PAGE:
McKenzie Bay said it would initially target North American commercial buildings who typically pay the highest electricity rates. As per information available from the Energy Information Administration of the US Department of Energy, the 1999 Commercial Building Consumption Survey Energy indicated there were 4,395,000 commercial buildings in the USA that spent $66.424 billion consuming 908 billion kWh of electricity. The DOE forecasts commercial energy use to grow at about the same rate as commercial floorspace by 1.6% per year between 2001 and 2025.

The Company said it would simultaneously target multistory residential dwellings, light industrial rate users, other businesses and off-grid users, islands and remote areas of North America including arctic regions of Canada and Alaska. A 1997 Energy Information Administration report indicated multistory USA residential buildings spent $8.84 billion consuming 100 billion kWh.

Over the next few months, DERMOND plans to install three 100 kW demonstration units in North America to showcase its patent-pending wind turbine technology improvements. Two of the three installations are designed to feature a WindStor system incorporating a Vanadium battery.

“Wind is the world’s fastest-growing energy source and we are confident that the demonstration units will yield increased interest in our unique technology-and-service package,” Westerholm said. “To date, we have already received inquiries from a Northern Canadian power company and other potential customers in the U.S. that could represent a significant number of orders for WindStor systems and DWTs. Additionally, potential customers have shown a strong interest in our DWT as a standalone product, reflecting the growing global interest in wind power as a clean - green - energy source.”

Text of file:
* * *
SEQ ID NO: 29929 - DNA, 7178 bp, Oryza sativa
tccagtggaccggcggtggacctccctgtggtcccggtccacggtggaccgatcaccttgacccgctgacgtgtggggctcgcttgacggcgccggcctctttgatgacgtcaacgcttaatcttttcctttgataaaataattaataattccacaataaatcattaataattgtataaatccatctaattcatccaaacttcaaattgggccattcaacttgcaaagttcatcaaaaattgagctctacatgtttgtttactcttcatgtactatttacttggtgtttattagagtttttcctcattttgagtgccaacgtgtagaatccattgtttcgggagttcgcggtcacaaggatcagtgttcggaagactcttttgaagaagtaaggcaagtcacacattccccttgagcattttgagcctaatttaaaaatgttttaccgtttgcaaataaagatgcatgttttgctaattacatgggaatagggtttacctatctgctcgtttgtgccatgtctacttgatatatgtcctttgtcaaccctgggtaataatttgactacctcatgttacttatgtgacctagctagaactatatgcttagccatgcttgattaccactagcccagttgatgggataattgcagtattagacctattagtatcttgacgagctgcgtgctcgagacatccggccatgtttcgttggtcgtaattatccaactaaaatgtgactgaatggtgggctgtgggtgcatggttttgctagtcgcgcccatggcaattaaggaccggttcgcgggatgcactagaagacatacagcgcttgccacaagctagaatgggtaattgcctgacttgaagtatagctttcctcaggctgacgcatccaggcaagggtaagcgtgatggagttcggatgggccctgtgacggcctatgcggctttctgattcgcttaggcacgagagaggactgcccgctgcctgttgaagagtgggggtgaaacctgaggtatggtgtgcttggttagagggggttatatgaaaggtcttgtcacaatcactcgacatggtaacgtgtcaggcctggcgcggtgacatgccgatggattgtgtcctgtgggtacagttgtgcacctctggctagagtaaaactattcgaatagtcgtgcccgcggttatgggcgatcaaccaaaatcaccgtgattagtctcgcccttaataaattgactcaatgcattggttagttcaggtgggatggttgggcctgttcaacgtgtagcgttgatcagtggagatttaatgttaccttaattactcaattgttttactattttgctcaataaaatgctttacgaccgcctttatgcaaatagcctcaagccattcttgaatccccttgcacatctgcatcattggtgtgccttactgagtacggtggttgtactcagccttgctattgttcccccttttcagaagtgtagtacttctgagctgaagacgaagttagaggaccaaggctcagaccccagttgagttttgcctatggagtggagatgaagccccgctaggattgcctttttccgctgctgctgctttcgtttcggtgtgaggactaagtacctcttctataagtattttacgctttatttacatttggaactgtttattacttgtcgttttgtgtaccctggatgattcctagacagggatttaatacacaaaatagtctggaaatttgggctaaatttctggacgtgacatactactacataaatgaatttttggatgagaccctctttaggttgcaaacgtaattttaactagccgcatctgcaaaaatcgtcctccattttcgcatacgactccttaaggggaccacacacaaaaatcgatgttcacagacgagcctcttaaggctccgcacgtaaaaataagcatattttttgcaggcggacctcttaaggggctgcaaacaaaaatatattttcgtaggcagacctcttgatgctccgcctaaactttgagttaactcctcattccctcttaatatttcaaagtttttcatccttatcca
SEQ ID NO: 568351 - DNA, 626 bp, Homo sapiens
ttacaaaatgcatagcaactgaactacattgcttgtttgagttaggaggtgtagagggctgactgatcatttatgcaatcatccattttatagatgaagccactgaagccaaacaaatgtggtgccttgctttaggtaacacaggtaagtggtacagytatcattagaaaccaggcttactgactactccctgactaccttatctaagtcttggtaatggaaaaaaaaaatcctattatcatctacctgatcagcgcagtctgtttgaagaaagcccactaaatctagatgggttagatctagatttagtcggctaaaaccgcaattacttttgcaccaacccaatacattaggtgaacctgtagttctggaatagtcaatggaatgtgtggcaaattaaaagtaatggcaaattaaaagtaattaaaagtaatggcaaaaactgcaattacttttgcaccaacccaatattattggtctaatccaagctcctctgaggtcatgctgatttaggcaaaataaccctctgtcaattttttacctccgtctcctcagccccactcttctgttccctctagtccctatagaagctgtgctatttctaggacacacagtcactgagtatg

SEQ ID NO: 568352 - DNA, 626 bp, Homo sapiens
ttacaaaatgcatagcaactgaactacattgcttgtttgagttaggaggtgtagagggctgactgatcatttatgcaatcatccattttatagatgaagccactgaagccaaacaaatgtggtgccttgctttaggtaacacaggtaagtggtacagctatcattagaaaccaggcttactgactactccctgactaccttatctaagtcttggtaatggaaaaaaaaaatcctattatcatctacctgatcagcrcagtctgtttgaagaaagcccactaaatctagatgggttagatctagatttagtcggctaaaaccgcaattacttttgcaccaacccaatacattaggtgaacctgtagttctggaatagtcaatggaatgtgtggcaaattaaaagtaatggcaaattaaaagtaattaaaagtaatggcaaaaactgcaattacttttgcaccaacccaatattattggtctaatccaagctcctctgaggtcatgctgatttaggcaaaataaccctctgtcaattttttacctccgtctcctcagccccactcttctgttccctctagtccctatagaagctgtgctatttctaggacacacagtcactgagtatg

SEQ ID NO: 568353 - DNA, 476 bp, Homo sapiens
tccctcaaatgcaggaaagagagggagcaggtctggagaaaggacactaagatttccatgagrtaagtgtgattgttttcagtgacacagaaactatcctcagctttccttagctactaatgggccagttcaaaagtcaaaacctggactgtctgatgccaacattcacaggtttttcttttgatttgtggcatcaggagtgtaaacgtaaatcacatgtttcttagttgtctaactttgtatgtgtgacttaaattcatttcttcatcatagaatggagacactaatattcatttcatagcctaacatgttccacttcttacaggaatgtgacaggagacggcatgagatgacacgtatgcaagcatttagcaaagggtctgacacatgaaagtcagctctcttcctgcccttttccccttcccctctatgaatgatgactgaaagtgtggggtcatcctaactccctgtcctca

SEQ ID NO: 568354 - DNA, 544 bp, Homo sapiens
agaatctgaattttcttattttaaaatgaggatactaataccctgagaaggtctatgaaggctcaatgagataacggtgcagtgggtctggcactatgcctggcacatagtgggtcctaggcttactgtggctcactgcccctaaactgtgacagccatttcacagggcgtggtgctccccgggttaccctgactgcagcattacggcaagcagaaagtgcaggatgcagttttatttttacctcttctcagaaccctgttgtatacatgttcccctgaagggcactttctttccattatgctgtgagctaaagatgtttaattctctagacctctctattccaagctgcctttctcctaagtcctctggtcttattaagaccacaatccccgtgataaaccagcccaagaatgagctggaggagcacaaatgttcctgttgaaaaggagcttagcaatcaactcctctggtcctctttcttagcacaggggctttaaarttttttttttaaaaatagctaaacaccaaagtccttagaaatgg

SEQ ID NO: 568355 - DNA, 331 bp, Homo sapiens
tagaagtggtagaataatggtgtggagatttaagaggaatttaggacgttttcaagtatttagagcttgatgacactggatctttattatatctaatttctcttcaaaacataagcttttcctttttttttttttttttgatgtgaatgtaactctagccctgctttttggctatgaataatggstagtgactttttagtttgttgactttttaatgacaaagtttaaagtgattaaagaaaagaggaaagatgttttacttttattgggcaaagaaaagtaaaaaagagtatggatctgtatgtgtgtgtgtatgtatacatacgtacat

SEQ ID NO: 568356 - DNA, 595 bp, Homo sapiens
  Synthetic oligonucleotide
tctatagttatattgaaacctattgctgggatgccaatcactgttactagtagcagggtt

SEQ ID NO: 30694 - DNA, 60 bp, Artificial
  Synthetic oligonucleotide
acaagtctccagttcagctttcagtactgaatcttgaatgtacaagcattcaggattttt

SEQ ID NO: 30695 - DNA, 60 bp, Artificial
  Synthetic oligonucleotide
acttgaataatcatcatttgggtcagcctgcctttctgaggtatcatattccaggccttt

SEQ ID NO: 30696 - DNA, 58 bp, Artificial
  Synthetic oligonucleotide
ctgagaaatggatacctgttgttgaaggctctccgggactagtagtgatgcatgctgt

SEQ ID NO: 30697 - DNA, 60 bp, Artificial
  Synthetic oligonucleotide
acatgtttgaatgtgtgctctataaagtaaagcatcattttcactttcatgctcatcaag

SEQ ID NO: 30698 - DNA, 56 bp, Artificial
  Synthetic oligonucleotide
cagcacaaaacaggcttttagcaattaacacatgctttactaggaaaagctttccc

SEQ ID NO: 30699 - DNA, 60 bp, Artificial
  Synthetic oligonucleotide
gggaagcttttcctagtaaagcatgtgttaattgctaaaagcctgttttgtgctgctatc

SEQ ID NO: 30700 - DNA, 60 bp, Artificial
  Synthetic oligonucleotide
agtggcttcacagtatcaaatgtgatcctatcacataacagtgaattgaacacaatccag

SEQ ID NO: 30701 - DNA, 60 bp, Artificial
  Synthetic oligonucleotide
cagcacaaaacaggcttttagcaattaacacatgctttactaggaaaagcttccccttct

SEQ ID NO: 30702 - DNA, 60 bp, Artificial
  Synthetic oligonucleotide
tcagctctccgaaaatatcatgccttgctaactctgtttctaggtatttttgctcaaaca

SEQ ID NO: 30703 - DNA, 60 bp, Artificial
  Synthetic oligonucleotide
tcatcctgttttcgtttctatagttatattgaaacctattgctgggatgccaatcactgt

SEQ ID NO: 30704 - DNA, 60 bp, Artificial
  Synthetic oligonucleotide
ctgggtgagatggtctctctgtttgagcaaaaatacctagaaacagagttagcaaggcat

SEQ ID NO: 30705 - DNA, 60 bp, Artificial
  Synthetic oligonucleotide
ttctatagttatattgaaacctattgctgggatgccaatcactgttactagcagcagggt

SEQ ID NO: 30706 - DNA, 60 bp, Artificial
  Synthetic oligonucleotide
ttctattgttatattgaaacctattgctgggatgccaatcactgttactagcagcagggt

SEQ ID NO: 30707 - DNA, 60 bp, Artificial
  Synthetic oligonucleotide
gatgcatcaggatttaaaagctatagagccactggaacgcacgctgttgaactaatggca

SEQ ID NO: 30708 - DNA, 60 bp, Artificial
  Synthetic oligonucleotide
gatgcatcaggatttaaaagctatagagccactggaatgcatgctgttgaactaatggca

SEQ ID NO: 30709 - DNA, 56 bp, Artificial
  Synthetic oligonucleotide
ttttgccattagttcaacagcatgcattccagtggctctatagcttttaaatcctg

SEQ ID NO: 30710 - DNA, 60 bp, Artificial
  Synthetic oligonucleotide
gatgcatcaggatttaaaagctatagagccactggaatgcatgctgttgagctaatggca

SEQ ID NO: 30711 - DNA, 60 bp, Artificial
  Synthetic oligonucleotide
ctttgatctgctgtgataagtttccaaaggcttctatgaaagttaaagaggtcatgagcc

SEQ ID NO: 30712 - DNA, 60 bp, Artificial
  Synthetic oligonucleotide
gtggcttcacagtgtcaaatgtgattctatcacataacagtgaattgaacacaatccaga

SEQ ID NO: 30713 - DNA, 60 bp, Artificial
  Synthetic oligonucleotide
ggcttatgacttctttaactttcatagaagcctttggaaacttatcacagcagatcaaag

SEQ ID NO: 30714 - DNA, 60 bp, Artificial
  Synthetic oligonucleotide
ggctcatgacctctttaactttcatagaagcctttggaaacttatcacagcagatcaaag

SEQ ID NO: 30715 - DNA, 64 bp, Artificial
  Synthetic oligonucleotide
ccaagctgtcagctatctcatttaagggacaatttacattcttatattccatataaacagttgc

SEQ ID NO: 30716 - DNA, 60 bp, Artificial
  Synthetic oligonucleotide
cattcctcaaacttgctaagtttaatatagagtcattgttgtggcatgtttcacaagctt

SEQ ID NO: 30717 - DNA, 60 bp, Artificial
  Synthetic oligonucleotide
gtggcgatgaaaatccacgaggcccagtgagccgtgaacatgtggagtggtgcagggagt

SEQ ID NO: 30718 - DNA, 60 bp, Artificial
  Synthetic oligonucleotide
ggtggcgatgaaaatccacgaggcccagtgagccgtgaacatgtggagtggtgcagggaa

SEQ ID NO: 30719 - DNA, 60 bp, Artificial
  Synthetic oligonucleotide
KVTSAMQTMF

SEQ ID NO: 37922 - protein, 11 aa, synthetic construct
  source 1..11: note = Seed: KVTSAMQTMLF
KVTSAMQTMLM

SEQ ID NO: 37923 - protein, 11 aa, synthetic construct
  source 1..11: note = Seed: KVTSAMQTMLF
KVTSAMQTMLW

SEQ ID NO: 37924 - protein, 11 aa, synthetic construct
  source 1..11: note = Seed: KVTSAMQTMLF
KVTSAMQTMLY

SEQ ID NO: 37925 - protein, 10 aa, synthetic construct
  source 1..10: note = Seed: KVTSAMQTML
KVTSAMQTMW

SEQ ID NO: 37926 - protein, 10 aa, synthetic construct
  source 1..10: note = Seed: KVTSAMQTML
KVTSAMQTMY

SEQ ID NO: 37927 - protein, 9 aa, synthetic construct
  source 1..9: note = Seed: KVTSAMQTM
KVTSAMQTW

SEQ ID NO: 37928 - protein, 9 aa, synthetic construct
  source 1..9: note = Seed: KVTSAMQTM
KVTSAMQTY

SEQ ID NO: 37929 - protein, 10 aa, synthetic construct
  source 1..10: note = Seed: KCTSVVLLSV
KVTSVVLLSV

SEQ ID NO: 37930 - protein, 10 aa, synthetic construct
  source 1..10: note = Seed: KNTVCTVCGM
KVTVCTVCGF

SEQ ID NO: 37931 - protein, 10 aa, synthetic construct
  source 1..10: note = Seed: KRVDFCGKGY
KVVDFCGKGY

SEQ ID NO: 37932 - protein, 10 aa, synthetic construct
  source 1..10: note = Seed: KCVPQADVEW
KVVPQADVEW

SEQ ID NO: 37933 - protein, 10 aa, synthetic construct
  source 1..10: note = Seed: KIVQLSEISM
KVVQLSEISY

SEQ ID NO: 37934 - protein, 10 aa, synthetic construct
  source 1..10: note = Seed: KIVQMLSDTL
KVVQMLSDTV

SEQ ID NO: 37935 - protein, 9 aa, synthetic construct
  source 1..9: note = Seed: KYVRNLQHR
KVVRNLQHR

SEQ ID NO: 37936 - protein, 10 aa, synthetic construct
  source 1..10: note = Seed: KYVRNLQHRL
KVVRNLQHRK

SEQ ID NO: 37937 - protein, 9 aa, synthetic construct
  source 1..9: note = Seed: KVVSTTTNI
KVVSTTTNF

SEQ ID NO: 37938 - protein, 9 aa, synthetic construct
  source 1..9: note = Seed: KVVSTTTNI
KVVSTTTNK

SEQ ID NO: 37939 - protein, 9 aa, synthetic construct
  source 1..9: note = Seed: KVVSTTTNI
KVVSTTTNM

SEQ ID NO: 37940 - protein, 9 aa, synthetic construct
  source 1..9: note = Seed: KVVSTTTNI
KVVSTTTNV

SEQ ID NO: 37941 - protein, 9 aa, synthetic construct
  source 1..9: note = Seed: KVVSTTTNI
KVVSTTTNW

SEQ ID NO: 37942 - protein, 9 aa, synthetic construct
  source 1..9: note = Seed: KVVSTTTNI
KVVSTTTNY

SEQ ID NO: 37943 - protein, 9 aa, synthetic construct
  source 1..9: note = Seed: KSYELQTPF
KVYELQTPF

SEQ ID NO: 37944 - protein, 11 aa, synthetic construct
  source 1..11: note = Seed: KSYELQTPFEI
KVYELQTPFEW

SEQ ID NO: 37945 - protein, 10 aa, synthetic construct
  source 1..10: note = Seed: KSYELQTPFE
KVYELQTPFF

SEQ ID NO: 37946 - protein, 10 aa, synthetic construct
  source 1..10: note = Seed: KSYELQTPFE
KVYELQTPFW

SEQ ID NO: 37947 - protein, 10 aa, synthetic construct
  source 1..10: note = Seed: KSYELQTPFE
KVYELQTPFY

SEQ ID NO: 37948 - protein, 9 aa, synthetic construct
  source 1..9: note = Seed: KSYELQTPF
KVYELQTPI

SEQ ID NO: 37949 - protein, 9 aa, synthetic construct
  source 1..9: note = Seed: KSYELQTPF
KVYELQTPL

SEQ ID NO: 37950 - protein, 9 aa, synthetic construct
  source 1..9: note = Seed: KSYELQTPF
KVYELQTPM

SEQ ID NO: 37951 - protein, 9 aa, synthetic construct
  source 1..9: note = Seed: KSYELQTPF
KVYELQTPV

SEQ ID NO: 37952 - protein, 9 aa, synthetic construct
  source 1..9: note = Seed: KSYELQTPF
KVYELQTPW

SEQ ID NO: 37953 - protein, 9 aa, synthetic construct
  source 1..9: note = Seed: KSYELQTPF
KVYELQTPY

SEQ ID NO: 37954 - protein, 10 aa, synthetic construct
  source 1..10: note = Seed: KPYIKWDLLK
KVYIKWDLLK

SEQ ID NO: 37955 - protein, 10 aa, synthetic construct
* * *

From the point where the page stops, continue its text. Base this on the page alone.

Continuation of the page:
Global wind power capacity has quadrupled over the past five years, growing from 7,600 negawatts (MW) in 1997 to more than 31,000 MW at the end of 2002, according to industry estimates. Wind power technology worth an estimated $7.3 billion was installed globally in 2002; enough to power 7.5 million average American homes, according to a joint report by the American Wind Energy Association and the European Wind Energy Association.

Westerholm concluded: “WindStor is the culmination of several years of development and significant investment, but it is merely a first step. As we begin the commercial launch of this product, we are also accelerating the development of associated technologies that will make Vanadium-based alternative energy storage devices economically attractive solutions for small-scale and large-scale projects.”